• The Game needs to become more gender neutral
    • role of coaches to change from emphasis on gender roles in play
    • Dutch World Champions Coach, Wim Scholtmeijer said, “New korfball .. is about all players (male and female) doing all things” 
      • Australian elite coaching similar.
      • Australian National Player Theresa Coletti makes the observation:

        “The change in the way we play .. to a more dynamic model appears to have improved gender relations. Decisions are made more on directions from the coach rather than (traditional) gender role expectations leading to inequality.”

  • Concepts of the game internationally need to broaden what is targeted and valued sport’s role in community should not just be competitive but seen as social too, for example;
    • In the Dominican Republic korfball gets resources support from the Department of Gender Affairs and Financial Inclusion where korfball is seen as a means of improving gender relations while improving the status of women (T.Cohn-Loi, 2016).
    • In Zimbabwe they include korfball, among other means, to improve gender relations including a reduction in domestic violence for which they have received support through grants from the United Nations Office of Sport Development and Peace (T. Chadebah, 2016)
  • Governments’ and educational agencies likewise need to broaden their understanding and recognition of the role of mixed sport in the community
    • national support based mainly on competitive roles is too limiting e.g. Olympics involvement
    • state inter-school competitions focus on single gender sport
    • locally, e.g. in schools there is a need to question the gender value of sports and the way mixed sport and PE is taught.
  • The Australian curriculum in PE supporting social development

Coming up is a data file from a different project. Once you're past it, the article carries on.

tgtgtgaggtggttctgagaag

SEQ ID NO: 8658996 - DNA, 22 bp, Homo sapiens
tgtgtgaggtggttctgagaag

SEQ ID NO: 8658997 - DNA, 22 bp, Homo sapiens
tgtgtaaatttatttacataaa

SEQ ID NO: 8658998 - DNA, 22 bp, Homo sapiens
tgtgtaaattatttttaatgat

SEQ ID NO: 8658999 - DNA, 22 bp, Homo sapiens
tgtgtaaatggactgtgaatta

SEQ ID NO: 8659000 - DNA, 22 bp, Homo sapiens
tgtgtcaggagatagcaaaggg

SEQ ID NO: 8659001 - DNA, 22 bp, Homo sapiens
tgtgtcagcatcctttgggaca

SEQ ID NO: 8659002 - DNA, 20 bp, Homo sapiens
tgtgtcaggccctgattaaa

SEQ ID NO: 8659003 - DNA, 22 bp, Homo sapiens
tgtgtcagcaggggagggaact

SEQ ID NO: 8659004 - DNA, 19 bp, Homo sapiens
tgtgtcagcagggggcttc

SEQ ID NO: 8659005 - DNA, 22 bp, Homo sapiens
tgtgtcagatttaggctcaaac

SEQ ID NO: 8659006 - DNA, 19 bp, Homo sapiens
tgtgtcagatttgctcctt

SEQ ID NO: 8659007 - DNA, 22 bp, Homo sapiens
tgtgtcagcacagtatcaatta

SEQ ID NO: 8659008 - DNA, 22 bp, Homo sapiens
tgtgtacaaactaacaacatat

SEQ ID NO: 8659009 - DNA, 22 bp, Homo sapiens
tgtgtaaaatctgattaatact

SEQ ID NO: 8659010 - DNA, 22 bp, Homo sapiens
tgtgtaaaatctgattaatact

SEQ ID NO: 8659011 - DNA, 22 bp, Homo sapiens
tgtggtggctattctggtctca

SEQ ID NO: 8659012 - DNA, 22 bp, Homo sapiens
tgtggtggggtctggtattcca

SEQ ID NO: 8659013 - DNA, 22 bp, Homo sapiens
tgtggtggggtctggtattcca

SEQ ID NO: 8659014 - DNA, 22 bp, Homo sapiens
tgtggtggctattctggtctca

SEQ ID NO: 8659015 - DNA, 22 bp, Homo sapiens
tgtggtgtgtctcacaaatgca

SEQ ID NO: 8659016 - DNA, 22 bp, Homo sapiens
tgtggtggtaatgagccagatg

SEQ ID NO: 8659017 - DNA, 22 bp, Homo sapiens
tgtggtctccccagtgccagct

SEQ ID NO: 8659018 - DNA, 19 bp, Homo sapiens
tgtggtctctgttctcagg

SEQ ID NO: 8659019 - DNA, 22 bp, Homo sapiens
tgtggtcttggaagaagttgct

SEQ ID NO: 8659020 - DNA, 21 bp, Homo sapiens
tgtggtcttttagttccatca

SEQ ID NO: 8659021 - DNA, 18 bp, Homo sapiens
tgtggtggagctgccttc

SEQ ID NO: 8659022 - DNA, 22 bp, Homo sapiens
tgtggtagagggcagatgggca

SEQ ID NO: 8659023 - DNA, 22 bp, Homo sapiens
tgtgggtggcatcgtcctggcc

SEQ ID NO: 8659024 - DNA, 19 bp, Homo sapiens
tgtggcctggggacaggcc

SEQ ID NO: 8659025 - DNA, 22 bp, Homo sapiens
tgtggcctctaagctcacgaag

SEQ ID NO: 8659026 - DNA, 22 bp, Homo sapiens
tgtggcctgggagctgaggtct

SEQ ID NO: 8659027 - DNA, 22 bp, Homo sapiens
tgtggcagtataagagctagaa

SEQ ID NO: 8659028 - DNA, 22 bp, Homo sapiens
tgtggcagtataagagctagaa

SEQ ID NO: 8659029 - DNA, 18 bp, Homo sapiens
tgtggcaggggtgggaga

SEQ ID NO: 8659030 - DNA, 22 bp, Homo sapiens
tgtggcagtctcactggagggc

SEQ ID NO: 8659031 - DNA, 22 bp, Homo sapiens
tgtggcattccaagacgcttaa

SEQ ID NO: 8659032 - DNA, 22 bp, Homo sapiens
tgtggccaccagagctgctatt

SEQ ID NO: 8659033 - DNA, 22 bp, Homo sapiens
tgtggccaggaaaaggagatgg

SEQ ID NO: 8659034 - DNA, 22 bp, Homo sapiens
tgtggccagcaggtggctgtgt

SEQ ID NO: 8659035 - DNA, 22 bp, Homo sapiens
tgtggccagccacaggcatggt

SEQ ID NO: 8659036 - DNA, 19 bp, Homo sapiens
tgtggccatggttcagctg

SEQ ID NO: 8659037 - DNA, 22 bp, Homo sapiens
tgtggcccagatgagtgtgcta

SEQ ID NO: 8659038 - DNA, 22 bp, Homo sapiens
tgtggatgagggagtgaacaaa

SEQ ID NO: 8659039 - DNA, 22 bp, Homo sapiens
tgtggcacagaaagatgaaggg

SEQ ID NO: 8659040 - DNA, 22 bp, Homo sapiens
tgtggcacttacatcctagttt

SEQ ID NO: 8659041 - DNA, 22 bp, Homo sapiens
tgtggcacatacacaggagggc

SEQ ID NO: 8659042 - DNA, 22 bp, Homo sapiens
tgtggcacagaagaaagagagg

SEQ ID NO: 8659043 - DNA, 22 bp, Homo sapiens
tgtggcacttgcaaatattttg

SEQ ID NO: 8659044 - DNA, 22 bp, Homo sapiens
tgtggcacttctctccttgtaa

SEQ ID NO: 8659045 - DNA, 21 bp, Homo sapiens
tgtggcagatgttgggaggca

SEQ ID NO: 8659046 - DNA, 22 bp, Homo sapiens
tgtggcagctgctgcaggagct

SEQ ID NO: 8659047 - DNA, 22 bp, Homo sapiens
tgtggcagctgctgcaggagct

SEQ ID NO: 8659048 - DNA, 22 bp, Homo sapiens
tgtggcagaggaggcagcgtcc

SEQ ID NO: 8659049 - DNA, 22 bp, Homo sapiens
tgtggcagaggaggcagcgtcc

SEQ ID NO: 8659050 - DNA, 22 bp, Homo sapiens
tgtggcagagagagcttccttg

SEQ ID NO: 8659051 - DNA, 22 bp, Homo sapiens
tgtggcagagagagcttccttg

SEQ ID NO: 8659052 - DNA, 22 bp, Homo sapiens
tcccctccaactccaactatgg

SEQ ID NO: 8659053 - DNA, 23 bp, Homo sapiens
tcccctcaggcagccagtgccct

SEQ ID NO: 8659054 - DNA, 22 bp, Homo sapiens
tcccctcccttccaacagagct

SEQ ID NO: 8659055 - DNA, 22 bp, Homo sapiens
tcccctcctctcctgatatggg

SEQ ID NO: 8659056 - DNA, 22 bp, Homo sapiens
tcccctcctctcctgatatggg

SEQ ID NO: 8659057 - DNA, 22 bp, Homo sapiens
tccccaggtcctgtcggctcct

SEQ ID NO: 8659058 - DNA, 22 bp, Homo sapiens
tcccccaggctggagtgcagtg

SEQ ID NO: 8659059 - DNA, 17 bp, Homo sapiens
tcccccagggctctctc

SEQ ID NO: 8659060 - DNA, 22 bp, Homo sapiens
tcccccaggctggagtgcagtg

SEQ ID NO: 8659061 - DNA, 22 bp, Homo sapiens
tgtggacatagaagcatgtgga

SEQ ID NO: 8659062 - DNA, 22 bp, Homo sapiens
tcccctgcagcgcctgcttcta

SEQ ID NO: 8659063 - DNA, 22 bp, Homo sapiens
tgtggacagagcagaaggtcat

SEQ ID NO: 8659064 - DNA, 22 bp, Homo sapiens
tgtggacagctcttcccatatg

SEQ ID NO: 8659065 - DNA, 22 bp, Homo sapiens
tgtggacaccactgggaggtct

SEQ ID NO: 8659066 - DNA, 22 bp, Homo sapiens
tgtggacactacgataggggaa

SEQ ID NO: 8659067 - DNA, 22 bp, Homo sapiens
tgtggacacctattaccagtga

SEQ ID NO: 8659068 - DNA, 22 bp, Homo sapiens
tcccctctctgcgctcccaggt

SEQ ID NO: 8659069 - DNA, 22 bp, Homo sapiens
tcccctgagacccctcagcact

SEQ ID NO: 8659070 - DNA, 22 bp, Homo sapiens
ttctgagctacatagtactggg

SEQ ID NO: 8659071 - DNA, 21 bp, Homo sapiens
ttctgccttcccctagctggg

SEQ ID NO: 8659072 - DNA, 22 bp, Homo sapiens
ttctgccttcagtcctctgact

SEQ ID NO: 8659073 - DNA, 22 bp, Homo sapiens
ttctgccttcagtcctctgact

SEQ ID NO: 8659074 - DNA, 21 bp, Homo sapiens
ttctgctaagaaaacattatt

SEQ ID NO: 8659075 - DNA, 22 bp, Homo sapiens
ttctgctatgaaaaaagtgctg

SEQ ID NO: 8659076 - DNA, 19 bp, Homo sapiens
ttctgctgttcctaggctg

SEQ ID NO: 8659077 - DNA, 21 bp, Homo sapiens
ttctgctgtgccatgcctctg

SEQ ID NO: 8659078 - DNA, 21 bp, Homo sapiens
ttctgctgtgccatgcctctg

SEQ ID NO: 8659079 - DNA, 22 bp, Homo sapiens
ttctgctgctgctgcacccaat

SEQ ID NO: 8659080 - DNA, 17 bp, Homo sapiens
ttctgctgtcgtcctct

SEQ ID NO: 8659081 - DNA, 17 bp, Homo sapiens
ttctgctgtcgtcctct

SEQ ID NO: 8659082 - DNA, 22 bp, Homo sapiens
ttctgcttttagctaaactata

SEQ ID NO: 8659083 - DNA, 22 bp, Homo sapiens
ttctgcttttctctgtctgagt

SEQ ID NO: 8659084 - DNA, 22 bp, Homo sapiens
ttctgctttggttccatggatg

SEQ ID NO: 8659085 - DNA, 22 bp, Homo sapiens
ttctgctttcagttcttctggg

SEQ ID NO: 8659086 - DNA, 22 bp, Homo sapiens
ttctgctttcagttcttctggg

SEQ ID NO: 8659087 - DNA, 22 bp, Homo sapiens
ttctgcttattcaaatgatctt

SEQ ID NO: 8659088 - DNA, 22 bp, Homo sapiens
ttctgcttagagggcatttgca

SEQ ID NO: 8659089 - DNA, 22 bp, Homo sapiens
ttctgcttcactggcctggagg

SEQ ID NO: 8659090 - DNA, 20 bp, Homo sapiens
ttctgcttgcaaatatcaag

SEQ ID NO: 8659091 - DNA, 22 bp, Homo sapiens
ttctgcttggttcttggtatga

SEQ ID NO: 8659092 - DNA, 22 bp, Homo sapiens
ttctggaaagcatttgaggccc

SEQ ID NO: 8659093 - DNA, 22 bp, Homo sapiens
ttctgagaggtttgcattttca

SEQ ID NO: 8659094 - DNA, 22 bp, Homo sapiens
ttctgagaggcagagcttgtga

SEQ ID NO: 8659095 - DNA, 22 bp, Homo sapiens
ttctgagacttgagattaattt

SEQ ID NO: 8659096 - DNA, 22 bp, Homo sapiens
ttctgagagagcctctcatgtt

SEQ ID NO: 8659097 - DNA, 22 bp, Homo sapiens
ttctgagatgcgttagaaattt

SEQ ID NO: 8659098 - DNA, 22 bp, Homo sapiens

• Strategies in the mixed classroom

Korfball Gender Awareness Challenge

Based on the approach of Lisa Smith, P.E.teacher, Hillmorton High School, New Zealand and Roy Kirkby, Adelaide, Australia

 

It is often difficult introducing korfball, especially to teenagers brought up in single gender sports; to get them to think and act differently from their traditional gender stereotype ways.

 

This approach is designed for use prior to taking up korfball or in the early stages. The challenge is questions you might ask students. The responses and considerations should come from the students with a guide included in the table.

 

Details of the Korfball Gender Awareness Challenge are available online

 

Conclusion

Success in improving gender relations requires a commitment of activity leaders such as coaches, referees, administrators and teachers to the following:-

  • A belief we can achieve gender equality in outcomes.
  • Procedural justice is required for both genders to succeed
  • Participants bringing to activities a range of attitudes that need to be challenged
  • Gender neutral activities are more likely to improve gender relations
  • All administrative and other decision making levels need to value, support and enable equal gender involvement and outcomes

Korfball provides a platform for rapid socialisation into cross-gender understanding, shared accomplishments, mutual respect and valuing the other gender.

 

Any mixed education activity should provide the same platform.

 

Selected references